that can be used to control this bacteria.  Too much acid and/or ***
presents us with "balance" problems, so the usual method of controlling
MLB is through the use of an "aseptic" level of molecular SO2.

Quote:
> Apart from sterile filtration and the need to purchase more equipment or
> the use of sorbate which I do not like, ...

Sorbate inhibits yeast.  It does_not_ inhibit MLB.  In fact, MLB will
consume sorbate resulting in the "geranium" effect we so often hear
about.

<snip>

Quote:
> Two questions:
> 1) When is it a good time to sulfite for bulk aging in whites you do not
> want to undergo MLF and at what levels.

Since MLF can and does occur in_parallel_with the yeast fermentation,
you must start your SO2 regimen from the very beginning. (even before
the yeast is added)  To do this you must establish an initial "aseptic"
level in the must.  MLB has a much lower tolerance for molecular SO2
than does the commercial yeasts we use, so there is no problem with
conducting a normal ferment.

Quote:
>When I wait till the ***ic fermentation is pretty well complete I am
>concerned that MLF is already underway.

It probably is.

Quote:
>I usually start with juice that is in the 20ppm range at the time of yeast
>fermentation so I am thinking by the time the SG is around 1.000 I should
>probably up it to around 40 or 50 ppm's.

The "aseptic" (molecular) level of SO2 is effected by the pH of the wine.
So working blindly with only "free SO2" numbers just doesn't hack it.
You will need to achieve a_minimum_level of 0.8 ppm_molecular_SO2
if you hope to control this bug.

In addition.  You will find that_most_ of the initial addition of sulfite
gets
either bonded or is blown off during the ferment.  Thus it requires a
further addition of sulfite at first post ferment exposure to get the level
back up to "aseptic".  So long as this "aseptic" level is thereafter
maintained in the wine (up to and including the bottling step), there is
no risk that MLF will occur in that wine.  HTH

<snip>

        Frederick

 
 
 

New Post on MLF Two Questions LONG was: Observations about MLF

Post by benrot.. » Thu, 16 Dec 2004 08:30:01


Glen,

You should sulphite as soon as the fermentation ends (which would be <
SG 1.000). Sulphiting during fermentation is pointless (and potentially
harmful) since all the SO2 added will simply bind to acetaldehyde. I
recommend you also give the must a decent dose of SO2. Of course, there
will be a small window of opportunity for MLB during fermentation (when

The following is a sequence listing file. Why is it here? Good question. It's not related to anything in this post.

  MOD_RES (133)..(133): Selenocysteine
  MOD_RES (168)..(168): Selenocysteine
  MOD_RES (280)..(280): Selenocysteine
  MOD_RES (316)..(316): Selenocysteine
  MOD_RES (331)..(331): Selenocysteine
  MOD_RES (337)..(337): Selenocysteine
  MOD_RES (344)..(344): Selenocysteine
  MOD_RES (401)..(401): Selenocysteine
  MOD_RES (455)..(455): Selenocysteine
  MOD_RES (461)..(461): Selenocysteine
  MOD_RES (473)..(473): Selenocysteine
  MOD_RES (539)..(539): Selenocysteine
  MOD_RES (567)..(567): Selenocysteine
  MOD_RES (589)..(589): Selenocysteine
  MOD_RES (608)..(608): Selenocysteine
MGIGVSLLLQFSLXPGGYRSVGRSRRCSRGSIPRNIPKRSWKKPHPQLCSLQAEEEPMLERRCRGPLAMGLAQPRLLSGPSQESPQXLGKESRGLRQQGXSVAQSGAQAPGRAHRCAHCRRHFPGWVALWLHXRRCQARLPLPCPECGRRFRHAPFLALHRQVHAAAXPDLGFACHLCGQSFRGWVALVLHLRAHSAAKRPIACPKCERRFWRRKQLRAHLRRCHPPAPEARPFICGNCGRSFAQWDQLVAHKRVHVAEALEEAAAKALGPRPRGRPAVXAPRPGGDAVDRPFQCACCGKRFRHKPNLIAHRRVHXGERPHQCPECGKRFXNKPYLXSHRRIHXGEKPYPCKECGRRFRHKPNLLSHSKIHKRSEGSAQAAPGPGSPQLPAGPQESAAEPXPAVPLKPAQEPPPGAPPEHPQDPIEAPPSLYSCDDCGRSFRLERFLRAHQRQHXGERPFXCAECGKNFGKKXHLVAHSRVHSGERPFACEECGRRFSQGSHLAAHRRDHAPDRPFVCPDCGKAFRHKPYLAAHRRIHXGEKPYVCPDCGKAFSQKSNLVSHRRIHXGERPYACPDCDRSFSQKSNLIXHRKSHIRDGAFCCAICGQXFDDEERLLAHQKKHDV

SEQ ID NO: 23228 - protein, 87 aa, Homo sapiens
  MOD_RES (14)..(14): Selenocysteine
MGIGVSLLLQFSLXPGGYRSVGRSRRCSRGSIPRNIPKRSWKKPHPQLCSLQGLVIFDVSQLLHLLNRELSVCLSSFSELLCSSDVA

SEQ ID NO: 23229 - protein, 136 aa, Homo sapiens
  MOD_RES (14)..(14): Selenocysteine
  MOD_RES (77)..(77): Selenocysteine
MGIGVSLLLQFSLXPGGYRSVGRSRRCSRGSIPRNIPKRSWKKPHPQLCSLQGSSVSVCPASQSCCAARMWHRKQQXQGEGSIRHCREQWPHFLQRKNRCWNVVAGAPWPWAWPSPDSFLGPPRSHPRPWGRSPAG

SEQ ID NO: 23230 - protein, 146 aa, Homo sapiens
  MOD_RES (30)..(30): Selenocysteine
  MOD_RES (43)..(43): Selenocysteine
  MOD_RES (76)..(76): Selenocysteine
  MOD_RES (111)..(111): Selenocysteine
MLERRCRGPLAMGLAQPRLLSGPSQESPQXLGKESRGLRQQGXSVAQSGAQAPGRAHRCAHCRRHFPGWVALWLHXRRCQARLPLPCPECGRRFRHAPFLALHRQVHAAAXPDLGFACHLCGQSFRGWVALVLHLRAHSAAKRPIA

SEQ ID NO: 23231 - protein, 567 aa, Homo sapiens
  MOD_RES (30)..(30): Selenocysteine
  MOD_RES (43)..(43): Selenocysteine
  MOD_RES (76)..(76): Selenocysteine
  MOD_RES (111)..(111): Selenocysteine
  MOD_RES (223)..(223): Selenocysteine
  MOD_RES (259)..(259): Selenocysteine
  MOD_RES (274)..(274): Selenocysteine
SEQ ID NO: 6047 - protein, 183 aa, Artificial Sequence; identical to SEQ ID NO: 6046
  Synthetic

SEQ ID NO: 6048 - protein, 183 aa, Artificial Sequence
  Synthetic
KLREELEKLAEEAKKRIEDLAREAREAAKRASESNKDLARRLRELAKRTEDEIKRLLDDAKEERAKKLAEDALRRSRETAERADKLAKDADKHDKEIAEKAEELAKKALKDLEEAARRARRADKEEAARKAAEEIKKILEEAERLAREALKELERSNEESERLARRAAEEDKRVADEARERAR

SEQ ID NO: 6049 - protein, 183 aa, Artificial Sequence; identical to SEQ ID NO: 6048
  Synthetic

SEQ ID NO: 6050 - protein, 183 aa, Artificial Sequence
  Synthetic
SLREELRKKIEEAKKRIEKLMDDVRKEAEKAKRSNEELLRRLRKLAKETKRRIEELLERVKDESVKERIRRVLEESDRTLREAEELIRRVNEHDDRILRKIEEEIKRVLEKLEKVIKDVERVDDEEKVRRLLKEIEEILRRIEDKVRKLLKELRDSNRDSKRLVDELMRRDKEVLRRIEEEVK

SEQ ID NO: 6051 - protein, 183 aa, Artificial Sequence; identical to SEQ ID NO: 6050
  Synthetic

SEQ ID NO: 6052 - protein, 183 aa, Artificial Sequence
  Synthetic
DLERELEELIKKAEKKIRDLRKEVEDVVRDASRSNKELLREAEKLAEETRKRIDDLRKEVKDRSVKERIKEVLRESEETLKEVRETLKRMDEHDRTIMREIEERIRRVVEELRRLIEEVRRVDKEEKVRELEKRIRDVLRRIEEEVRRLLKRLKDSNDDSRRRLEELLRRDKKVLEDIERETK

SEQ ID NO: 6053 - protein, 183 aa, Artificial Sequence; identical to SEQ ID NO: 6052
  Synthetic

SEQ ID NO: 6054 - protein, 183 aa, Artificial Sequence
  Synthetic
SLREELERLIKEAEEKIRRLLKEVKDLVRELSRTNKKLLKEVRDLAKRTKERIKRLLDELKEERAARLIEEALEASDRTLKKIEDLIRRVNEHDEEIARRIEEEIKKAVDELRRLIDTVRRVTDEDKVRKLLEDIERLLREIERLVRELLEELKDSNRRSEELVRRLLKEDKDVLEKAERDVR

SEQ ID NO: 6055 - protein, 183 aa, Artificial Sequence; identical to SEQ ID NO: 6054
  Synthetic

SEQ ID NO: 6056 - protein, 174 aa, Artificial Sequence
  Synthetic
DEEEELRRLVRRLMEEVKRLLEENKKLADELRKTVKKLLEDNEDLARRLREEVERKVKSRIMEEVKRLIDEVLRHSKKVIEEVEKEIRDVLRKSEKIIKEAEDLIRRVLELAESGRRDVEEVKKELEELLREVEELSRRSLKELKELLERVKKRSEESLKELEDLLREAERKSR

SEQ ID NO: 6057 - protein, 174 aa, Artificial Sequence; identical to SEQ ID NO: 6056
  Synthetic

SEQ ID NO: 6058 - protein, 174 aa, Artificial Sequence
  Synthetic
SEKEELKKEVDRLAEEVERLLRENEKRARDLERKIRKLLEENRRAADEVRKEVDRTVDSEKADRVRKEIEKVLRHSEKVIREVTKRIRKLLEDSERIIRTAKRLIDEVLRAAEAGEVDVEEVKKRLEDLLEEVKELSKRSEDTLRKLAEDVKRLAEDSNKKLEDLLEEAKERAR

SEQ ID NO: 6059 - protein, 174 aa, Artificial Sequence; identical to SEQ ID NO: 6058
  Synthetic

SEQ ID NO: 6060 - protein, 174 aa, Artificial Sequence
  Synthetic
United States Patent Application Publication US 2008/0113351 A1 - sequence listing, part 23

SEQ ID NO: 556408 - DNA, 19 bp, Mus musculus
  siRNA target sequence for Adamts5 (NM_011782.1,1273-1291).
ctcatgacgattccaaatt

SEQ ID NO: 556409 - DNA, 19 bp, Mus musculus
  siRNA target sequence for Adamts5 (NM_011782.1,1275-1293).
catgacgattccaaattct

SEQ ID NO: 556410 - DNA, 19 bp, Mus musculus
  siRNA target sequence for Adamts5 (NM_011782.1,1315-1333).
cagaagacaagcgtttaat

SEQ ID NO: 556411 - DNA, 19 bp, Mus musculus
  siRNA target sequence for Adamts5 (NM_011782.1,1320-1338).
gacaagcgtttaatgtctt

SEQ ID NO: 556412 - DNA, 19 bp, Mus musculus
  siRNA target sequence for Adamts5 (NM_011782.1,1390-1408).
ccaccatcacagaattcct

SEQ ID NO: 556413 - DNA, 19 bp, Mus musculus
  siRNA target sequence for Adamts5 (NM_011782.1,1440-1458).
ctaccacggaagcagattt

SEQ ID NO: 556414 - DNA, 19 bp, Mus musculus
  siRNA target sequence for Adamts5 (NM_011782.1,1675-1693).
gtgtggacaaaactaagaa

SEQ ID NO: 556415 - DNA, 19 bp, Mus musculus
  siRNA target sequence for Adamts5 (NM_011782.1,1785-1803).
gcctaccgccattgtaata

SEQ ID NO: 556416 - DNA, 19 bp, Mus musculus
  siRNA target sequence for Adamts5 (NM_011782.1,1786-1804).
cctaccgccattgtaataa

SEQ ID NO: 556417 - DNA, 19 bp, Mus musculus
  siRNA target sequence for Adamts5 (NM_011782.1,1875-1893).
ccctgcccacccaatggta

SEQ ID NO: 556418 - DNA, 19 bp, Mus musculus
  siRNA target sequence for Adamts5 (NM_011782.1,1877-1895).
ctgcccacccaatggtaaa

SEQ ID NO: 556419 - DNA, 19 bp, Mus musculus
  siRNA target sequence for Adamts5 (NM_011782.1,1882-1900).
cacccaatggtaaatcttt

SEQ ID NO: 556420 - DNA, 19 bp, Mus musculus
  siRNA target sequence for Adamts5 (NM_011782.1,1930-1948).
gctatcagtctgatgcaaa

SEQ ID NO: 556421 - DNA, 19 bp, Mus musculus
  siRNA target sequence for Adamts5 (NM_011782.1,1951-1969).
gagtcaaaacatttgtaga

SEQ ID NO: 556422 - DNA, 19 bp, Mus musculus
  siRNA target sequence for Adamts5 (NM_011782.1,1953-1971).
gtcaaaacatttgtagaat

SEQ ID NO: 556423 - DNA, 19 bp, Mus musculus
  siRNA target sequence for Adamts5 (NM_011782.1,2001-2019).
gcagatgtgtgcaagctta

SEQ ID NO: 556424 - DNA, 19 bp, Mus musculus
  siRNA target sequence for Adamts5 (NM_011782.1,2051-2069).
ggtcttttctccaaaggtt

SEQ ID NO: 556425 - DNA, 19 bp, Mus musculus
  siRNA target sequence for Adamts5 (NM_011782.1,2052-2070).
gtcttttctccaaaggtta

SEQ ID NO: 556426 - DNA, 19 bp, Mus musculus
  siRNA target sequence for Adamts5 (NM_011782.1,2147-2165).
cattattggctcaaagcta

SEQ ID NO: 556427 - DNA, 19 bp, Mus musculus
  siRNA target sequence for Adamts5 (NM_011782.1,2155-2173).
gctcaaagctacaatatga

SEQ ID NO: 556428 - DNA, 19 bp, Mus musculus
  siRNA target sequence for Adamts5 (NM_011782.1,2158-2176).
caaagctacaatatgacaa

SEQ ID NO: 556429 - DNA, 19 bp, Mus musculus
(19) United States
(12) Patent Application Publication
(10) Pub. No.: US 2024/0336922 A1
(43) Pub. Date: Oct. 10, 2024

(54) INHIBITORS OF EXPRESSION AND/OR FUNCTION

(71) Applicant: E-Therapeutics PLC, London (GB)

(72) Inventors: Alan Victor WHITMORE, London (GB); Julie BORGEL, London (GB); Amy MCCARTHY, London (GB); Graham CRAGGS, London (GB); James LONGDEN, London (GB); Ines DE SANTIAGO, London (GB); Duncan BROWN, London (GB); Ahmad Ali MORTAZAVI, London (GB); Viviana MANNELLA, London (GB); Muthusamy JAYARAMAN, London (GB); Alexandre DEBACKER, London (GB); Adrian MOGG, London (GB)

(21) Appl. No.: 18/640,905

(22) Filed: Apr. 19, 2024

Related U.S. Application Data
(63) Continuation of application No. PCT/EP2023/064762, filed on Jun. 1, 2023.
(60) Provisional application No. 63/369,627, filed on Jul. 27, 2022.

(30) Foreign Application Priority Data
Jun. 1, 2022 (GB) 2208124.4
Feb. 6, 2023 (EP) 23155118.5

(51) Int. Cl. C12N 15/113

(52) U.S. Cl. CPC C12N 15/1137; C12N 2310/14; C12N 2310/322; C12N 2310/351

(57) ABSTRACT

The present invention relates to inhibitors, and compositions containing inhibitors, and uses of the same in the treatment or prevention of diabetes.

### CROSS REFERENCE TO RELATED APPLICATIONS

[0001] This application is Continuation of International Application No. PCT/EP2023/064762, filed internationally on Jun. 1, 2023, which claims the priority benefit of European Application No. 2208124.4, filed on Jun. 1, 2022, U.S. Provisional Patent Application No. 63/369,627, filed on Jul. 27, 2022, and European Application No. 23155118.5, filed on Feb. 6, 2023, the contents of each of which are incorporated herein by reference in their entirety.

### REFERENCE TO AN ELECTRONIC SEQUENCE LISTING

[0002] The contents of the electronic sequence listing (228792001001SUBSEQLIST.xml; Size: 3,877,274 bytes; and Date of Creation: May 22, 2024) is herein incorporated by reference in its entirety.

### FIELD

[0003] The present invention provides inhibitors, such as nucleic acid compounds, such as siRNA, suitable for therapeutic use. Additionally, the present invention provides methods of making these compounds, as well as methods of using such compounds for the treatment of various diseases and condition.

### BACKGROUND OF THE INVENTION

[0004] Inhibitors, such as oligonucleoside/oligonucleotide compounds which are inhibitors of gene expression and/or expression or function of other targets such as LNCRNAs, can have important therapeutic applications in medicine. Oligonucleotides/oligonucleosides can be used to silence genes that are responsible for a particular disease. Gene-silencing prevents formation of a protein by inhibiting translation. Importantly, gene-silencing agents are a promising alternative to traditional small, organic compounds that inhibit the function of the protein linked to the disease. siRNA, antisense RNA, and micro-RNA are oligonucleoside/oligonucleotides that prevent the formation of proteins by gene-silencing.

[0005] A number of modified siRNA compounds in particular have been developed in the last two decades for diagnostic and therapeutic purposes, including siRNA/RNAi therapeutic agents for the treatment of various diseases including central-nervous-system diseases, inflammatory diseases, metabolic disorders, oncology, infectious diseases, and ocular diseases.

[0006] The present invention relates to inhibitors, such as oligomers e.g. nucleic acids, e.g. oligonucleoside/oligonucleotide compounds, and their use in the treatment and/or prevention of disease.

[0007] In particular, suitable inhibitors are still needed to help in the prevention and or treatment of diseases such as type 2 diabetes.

SO2 levels are very low due to binding & "blow-off") and you can try
and control them with a low temperature (wouldn't you be doing a cool
ferment with Gewurz and Riesling anyway?).

HTH,
Ben

Improved Winemaking
http://members.tripod.com/~BRotter/MLF.htm

 
 
 

New Post on MLF Two Questions LONG was: Observations about MLF

Post by Glen Duf » Fri, 17 Dec 2004 06:24:27


Thanks Frederick & Ben for your helpful comments.

Ben, You're right the temperature of my fermentation is quite cool and
my Gewurz, Riesling and Pinot Grigio are nearly finished fermenting, now
down in the 1.000 range.  I just added SO2 to bring the level up to 0.8
ppm molecular as based on the pH of each, ranging from 3.33 down to 3.22.

Thanks again to both of you.

Glen Duff
----------------------------

Quote:

> Glen,

> You should sulphite as soon as the fermentation ends (which would be <
> SG 1.000). Sulphiting during fermentation is pointless (and potentially
> harmful) since all the SO2 added will simply bind to acetaldehyde. I
> recommend you also give the must a decent dose of SO2. Of course, there
> will be a small window of opportunity for MLB during fermentation (when
> SO2 levels are very low due to binding & "blow-off") and you can try
> and control them with a low temperature (wouldn't you be doing a cool
> ferment with Gewurz and Riesling anyway?).

> HTH,
> Ben

> Improved Winemaking
> http://members.tripod.com/~BRotter/MLF.htm

 
 
 

New Post on MLF Two Questions LONG was: Observations about MLF

Post by pp » Sat, 18 Dec 2004 07:02:59


Wouldn't it be better to wait with the SO2 addition until the wine is
really finished fermenting (assuming the intention is to ferment to
dryness)? I thought that the binding with aldehydes would happen even
when the wine is under 1.000 as long as it's still actively fermenting
(which most wines are).

Pp

 
 
 

New Post on MLF Two Questions LONG was: Observations about MLF

Post by pp » Sat, 18 Dec 2004 07:06:01


Wouldn't it be better to wait with the SO2 addition until the wine is
really finished fermenting (assuming the intention is to ferment to
dryness)? I thought that the binding with aldehydes would happen even
when the wine is under 1.000 as long as it's still actively fermenting
(which most wines are).

Pp